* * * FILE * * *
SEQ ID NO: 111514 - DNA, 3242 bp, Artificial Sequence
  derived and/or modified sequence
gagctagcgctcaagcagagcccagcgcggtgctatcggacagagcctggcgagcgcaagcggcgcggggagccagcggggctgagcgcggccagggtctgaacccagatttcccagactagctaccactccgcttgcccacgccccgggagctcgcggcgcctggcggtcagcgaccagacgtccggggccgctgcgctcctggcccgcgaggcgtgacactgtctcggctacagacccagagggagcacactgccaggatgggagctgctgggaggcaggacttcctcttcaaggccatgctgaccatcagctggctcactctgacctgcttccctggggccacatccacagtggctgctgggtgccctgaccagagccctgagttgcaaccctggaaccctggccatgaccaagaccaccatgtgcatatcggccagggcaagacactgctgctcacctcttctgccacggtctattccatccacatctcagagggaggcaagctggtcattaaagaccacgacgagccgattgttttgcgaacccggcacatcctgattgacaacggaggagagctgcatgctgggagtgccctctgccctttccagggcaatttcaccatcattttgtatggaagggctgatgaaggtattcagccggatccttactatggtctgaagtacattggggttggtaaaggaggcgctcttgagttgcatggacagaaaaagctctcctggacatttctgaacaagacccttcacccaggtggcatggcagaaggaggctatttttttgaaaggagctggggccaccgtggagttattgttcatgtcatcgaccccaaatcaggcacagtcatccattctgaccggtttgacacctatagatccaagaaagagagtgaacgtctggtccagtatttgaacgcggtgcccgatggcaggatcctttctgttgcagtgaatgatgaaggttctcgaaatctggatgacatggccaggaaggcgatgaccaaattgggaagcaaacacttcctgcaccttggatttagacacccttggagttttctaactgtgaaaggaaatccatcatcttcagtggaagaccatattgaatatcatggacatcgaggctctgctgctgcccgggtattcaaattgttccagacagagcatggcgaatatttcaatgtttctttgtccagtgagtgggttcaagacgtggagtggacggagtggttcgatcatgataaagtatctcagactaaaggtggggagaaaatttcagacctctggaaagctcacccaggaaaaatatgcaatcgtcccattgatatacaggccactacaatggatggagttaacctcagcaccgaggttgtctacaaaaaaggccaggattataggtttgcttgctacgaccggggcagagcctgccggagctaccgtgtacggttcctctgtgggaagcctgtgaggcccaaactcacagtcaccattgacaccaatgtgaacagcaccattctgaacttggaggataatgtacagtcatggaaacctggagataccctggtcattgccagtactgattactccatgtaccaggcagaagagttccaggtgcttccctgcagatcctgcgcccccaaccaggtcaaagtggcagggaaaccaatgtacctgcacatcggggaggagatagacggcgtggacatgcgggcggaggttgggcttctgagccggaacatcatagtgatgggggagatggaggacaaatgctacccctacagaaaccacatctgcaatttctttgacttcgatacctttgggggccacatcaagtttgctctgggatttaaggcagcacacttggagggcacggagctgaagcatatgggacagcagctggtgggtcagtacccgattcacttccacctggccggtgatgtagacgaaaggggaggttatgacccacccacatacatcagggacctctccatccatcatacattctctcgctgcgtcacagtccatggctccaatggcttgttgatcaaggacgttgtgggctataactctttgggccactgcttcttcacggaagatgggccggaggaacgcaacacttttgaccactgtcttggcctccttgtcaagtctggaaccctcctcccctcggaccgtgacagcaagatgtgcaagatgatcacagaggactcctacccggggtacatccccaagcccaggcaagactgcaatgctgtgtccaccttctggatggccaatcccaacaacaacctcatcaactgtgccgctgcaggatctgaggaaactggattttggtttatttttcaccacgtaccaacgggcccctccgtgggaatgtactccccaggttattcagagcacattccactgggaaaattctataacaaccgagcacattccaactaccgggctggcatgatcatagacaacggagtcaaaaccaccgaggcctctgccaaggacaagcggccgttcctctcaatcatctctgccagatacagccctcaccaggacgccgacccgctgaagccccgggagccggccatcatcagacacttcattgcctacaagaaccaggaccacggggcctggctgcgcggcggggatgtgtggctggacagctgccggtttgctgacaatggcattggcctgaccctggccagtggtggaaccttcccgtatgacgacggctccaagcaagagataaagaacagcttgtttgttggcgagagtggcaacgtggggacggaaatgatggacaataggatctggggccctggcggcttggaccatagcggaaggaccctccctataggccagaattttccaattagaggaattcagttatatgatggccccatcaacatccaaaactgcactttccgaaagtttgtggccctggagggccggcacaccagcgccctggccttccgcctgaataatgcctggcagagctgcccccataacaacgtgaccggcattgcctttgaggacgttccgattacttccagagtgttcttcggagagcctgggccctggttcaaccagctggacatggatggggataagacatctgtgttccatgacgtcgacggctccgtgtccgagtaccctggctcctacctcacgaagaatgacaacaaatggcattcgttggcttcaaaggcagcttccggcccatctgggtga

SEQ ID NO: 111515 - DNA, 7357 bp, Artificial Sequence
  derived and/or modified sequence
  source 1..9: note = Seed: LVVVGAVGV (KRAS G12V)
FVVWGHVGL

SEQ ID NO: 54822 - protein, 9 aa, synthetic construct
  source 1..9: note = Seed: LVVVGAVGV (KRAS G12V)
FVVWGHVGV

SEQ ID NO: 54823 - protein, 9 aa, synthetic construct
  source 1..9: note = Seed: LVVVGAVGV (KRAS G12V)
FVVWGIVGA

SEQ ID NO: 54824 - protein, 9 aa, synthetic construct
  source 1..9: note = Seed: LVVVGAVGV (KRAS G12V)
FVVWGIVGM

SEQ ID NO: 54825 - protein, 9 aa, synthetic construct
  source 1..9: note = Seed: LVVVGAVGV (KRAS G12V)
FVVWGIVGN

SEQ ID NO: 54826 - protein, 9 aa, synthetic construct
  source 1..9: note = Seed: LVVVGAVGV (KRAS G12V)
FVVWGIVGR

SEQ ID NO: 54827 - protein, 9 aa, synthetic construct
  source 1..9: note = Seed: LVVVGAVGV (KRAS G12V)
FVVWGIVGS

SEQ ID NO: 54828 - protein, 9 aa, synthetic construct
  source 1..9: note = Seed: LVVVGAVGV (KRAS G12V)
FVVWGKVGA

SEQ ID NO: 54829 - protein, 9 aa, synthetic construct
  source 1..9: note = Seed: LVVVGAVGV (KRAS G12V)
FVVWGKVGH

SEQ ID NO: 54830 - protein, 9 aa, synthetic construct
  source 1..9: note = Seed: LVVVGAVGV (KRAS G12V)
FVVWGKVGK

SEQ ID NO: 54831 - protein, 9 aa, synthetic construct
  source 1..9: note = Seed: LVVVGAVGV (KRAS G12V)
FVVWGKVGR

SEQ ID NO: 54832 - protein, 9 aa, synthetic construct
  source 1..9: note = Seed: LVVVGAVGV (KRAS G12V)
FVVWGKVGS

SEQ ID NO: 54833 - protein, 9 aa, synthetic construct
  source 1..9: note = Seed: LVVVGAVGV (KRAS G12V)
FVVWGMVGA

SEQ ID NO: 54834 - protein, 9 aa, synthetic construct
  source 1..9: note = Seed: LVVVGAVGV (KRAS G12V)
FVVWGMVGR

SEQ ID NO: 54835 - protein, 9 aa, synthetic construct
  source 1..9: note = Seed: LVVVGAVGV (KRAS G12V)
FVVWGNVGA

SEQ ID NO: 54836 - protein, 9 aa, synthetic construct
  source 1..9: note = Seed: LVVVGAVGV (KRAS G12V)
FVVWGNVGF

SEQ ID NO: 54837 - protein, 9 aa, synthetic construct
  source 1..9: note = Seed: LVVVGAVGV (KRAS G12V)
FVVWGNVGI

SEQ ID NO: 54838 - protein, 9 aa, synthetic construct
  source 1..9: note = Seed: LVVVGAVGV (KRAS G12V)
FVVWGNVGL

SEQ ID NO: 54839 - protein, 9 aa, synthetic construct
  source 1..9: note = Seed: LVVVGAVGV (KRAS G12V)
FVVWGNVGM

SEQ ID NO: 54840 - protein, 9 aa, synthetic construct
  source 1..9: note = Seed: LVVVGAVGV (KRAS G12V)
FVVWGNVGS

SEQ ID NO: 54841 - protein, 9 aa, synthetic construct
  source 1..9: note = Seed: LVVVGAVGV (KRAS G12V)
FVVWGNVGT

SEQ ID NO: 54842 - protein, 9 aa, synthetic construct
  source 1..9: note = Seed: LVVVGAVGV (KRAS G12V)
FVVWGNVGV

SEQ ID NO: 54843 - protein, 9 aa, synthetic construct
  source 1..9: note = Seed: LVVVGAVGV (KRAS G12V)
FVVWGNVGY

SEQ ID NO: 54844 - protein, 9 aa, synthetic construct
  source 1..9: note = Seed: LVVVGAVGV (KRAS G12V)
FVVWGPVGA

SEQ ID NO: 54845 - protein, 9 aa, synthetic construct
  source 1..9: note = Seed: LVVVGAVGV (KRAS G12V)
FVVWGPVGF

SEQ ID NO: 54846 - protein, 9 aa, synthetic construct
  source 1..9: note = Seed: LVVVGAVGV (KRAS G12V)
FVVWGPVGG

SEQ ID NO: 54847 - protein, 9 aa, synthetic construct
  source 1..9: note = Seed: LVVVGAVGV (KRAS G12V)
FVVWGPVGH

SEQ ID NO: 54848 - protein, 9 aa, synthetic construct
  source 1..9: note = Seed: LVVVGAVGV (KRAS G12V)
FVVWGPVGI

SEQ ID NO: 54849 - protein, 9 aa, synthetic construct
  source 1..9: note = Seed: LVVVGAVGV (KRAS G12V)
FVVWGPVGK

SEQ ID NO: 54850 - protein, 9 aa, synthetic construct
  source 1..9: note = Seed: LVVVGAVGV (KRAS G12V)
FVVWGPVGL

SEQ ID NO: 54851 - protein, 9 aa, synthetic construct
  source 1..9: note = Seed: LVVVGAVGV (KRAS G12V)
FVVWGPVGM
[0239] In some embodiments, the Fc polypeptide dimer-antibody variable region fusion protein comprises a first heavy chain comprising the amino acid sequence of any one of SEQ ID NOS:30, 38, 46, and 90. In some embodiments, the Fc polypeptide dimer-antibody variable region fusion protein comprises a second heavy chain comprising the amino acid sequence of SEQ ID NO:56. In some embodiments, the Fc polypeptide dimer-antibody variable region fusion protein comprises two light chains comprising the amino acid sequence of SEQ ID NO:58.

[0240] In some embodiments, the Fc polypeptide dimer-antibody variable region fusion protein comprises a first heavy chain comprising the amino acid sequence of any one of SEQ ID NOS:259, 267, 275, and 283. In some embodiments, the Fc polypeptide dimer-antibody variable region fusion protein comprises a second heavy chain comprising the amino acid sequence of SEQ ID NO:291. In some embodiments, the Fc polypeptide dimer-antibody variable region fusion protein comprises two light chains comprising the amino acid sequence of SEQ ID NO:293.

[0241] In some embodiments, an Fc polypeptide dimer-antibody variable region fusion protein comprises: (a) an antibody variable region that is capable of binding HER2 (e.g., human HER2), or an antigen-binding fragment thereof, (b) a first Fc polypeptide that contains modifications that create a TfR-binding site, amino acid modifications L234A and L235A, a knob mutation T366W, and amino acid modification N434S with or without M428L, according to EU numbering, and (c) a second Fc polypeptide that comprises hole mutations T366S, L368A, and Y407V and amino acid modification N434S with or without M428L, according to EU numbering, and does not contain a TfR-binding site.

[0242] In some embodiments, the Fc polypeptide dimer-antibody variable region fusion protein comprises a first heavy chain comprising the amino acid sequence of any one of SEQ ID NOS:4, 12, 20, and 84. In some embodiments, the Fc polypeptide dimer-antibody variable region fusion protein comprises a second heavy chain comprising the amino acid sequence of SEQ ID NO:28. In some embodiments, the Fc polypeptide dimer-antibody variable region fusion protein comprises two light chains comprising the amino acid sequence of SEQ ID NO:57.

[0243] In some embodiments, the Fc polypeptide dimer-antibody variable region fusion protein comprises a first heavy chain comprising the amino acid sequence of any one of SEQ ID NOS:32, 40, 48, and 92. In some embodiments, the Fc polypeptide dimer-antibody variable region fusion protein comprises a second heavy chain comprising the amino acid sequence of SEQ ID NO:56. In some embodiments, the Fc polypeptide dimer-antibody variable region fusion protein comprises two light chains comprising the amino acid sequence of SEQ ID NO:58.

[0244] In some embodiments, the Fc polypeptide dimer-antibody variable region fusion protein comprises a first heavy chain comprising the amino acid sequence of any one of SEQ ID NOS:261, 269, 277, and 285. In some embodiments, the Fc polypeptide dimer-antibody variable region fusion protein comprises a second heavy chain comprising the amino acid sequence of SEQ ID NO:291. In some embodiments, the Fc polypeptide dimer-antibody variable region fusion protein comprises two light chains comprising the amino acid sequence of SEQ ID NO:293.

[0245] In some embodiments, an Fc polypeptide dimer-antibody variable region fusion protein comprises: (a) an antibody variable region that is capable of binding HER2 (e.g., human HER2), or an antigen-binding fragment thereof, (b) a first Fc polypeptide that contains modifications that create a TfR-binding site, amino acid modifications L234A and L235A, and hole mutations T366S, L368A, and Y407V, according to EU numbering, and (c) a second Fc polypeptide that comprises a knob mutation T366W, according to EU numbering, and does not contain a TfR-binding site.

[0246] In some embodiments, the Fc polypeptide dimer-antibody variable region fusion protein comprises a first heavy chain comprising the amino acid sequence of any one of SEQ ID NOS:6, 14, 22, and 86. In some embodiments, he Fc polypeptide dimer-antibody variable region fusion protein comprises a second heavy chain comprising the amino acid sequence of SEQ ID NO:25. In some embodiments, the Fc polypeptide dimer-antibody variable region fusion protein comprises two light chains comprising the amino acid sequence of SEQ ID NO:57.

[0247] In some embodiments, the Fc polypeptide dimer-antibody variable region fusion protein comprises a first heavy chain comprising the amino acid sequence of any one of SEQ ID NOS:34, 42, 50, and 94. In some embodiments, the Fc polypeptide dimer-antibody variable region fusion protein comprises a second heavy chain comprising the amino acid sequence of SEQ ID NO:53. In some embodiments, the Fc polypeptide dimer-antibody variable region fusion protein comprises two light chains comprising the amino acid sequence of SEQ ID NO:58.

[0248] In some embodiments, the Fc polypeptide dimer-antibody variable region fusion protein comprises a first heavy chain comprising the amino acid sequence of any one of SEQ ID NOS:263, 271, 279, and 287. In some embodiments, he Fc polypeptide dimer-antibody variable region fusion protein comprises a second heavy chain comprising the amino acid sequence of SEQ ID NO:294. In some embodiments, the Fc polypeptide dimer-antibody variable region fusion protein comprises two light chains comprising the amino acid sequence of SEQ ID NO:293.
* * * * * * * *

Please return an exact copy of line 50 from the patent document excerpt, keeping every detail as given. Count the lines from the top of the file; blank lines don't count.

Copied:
SEQ ID NO: 54836 - protein, 9 aa, synthetic construct